What’s Your Future Perfect Paradigm? Exploring a Powerful Ministry Tool

What if there was a simple way of thinking about your day today, that could radically transform it?

The term “future perfect paradigm” originates from the work of Stanley Davis in the eighties. He used the term as a framework in strategic planning. Even though the term may sound like just another cool way to talk about vision, Davis brought some unique and helpful thoughts to the study of vision and planning.

I will explore a few key ideas from Davis in a series of posts. In addition, I want to expose you to some of Robert Clinton’s adaptation of Davis’s work as the maven of Christian leadership “stages” and timeline thinking.

Awesome stuff- I promise.

But let’s get started right now with a definition:

Paradigm: a controlling perspective which allows one to perceive and understand reality.

The Future Perfect Paradigm is simply looking at everything today through the lens of a powerful future perspective. The more clear and powerful the future perspective, the greater the impact it can have on the way you look at today. 

Let’s unpack that a bit more. Put on your grammatical hat from Greek class and think of the future-perfect tense. From a time perspective, the present is the past of the future. So imagine having such a powerful image of the future that the present is transformed. It is transformed because the present must lead to that future.

One illustration is the world-class athlete that will fully envision the final performance before the event. Clinton explains, “They will actually go through the event twice, once in their mind—a future perfect way of thinking, and then when it actually happens.” It’s not that hard to image how decisions, priorities, practice and discipline are all shaped by a the substance of a necessary future that has been well defined. Now read Hebrews 11 and consider the biblical concept of faith—”the assurance of things hoped for, the convictions of things not seen.”  Pretty strong connect to the future perfect paradigm, wouldn’t you say?

Stay tuned and we will take a look at how this adds some new meaning to the work of vision planning and vision casting.

What are some of the very cool things you can look forward to?

  • How about a summary table of the “future perfect” vision of thirteen biblical leaders to get us started.
  • Then I want to take a look at one of my favorite ideas for the visionary- “beforemath.” Beforemath is the kissin cousin to a term you already know- “aftermath.”
  • Finally we will look at Clinton’s five stages toward developing a future perfect paradigm.

Read more from Will here.

 

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ABOUT THE AUTHOR

Will Mancini

Will Mancini

Will Mancini wants you and your ministry to experience the benefits of stunning, God-given clarity. As a pastor turned vision coach, Will has worked with an unprecedented variety of churches from growing megachurches and missional communities, to mainline revitalization and church plants. He is the founder of Auxano, creator of VisionRoom.com and the author of God Dreams and Church Unique.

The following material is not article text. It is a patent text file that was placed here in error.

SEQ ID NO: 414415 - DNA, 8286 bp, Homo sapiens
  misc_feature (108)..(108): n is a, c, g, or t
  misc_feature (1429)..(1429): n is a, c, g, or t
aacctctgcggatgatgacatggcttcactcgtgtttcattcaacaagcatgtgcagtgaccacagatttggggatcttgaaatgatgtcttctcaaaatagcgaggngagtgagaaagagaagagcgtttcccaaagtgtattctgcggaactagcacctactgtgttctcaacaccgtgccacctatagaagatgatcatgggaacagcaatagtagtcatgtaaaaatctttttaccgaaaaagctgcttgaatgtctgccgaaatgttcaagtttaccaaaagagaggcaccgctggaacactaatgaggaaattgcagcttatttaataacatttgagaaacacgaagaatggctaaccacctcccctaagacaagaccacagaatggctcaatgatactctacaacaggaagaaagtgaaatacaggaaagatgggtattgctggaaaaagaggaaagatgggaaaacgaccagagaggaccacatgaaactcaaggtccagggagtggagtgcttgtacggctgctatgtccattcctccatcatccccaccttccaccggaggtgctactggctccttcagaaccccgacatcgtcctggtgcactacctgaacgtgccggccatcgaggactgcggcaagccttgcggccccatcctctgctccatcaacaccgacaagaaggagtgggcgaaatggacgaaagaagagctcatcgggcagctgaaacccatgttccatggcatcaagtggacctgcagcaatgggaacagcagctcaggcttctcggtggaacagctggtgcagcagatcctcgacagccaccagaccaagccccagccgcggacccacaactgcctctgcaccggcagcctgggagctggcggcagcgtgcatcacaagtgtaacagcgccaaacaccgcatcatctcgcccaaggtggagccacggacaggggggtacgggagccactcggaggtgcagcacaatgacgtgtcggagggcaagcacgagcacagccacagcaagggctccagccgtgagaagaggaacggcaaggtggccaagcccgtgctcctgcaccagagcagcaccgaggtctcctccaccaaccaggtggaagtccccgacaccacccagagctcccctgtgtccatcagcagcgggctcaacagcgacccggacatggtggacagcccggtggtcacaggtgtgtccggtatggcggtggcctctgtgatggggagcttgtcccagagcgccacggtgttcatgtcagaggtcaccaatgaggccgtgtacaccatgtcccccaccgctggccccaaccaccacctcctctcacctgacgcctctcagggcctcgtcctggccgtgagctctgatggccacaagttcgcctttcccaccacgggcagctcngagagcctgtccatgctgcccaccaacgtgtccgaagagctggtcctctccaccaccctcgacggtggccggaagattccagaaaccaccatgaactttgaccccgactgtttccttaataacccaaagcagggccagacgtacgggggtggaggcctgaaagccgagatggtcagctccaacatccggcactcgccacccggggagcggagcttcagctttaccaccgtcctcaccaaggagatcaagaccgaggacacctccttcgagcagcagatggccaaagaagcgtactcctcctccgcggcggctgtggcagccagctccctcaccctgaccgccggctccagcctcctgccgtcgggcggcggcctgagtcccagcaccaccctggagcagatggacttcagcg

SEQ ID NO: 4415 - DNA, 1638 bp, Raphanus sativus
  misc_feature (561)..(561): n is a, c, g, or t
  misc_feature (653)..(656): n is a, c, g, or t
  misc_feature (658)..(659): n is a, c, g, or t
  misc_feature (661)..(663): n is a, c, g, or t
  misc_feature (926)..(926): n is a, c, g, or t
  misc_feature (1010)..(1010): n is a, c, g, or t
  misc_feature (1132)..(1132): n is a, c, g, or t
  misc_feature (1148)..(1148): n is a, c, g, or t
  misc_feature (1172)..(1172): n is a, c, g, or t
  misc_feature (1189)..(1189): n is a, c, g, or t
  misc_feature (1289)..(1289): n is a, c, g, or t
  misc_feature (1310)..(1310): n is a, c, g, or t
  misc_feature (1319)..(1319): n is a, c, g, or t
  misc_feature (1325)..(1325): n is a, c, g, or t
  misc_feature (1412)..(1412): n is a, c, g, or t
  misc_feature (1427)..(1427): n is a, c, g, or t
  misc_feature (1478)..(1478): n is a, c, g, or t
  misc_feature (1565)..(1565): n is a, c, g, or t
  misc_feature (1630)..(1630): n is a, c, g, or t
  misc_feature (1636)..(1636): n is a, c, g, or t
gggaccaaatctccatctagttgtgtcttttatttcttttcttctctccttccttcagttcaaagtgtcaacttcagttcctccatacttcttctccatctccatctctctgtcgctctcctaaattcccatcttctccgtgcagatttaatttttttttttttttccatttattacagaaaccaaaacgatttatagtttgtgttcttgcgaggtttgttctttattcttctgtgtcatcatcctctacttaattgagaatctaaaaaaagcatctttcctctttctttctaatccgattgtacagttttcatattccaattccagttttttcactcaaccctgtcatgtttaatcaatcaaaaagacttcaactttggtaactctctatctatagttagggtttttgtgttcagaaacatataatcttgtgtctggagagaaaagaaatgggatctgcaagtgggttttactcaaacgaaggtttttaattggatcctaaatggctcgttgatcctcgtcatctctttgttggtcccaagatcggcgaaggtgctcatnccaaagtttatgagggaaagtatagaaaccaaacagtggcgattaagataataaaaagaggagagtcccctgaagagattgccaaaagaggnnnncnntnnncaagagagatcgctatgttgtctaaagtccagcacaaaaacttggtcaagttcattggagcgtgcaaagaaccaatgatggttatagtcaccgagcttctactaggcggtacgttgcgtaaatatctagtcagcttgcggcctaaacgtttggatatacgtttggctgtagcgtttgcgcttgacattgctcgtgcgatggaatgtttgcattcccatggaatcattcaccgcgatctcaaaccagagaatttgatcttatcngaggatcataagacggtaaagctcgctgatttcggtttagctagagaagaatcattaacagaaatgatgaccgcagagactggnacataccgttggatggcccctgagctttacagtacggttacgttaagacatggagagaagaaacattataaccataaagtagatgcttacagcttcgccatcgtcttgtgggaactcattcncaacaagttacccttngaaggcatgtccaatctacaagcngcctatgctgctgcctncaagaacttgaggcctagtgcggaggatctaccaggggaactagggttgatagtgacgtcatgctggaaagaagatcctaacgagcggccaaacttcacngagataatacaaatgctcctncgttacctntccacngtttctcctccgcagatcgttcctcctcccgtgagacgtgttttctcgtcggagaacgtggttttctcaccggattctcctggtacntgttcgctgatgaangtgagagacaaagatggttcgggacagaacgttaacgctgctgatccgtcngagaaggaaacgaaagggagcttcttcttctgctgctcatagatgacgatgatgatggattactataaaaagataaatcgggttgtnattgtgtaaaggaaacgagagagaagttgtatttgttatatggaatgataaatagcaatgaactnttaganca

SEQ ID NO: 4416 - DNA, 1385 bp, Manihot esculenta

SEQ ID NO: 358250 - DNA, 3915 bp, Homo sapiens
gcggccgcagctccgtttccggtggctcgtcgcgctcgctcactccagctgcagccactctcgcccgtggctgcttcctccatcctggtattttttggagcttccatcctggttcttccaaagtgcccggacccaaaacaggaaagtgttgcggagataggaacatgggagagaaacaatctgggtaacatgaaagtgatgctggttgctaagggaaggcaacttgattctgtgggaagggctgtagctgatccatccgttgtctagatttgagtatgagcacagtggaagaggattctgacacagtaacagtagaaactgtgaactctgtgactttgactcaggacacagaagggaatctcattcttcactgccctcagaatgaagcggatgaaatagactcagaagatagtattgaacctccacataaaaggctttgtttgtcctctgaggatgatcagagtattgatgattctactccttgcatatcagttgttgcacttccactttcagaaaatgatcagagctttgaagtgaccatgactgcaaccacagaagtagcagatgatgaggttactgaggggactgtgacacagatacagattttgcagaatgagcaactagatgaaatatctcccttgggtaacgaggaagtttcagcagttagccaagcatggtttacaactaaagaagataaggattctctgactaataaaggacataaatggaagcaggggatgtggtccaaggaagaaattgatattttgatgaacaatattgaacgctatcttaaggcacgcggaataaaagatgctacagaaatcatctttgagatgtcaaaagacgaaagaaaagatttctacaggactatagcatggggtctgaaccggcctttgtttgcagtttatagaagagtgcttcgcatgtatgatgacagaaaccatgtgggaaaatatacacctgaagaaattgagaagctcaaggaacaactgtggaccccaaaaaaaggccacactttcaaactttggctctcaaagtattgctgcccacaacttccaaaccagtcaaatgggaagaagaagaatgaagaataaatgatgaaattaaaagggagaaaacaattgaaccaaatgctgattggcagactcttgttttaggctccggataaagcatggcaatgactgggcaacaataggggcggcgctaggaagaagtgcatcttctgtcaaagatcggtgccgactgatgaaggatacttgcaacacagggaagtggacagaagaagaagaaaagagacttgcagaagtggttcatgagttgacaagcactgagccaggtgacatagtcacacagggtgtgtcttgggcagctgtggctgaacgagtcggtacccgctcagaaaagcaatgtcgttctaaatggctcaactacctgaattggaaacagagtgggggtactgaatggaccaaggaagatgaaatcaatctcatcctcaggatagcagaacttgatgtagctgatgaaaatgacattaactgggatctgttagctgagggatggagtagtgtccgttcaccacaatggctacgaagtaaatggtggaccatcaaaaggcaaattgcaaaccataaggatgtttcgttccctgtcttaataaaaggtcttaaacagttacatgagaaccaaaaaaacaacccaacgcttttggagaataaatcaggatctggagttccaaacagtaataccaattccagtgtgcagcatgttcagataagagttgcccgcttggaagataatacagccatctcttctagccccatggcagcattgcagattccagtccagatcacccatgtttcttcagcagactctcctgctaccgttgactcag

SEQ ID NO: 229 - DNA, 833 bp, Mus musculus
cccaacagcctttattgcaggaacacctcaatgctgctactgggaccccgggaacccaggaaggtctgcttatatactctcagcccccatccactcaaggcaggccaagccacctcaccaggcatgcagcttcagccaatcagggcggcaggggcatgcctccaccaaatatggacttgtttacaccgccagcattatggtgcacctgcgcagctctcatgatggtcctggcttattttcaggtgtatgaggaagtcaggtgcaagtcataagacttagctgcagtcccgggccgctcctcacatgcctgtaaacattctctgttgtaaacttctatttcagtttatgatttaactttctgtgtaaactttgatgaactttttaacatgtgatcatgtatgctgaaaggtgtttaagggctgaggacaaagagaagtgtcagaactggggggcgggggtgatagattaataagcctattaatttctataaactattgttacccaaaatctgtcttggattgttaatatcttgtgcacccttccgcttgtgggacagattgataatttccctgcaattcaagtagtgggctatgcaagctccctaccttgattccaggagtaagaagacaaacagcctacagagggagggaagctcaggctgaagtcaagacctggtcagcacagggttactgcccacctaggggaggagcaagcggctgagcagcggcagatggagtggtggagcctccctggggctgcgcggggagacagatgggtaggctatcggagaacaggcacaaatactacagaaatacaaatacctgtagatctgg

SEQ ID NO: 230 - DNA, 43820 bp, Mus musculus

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COMMENTS

What say you? Leave a comment!

Mike Hill — 07/11/14 8:05 am

Looking forward to it!

Recent Comments
comment_post_ID); ?> I agree with your 3 must-haves. I would add that the rectors have to call on every member who attends, at least once a year. The existence of a "calling commitee" is just an excuse to avoid making the effort. This is part of #3. If a rector does not like to call on parishioners, then she/he should not be a rector, but should find a different ministry. Carter Kerns, former senior warden, Diocese of Eastern Oregon and lifelong Episcopalian Tel# 541-379-3124
 
— Carter Kerns
 
comment_post_ID); ?> Are there any reliable statistics about the percentage of church plants that fail after 3 years in the US?
 
— Jon Moore
 
comment_post_ID); ?> I am a senior citizen who has lived in many areas of the US, the farthest south being Virginia DC area. There are several church plants in the area--some failed, some doing well. One of the sadist failures was a plant in NW Washington near a large Presbyterian Church (I had been an elder in the church, so I knew the area) where changes in church doctrine was driving many away from the PCUSA churches. There were many mature Christians who lived in the area who were very willing to participate and give generously to the church. Its failure was a loss. The pastor and his wife lived in a VA suburb, wanted something that would appeal to their tastes, which included "praise music". There was a professional piano teacher and several people who had sung in choirs in the area. Their suggestions were completely ignored. Forget that there was joyous participation in singing hymns and silence by many for the praise music. The experienced church leaders that were attending were expected to seek the wisdom of the pastor who did not live in the area rather than have any role in leadership. There is another church plant in Northern Virginia that seems to be going the same way. My take: the pastors should get past their high-school and college days culture and get to know and appreciate the people of the community. Do not try to reproduce Intervarsity or Campus Crusade. Hymns are not a sin and "uneducated" (never graduated from college) should not be ignored as uninformed or stupid. People who have served in and/or live in the area are needed in leadership and not just to serve coffee and give. We all need to pray together and serve God in the community in which there is to be a plant. Glenna Hendricks
 
— Glenna Hendricks
 

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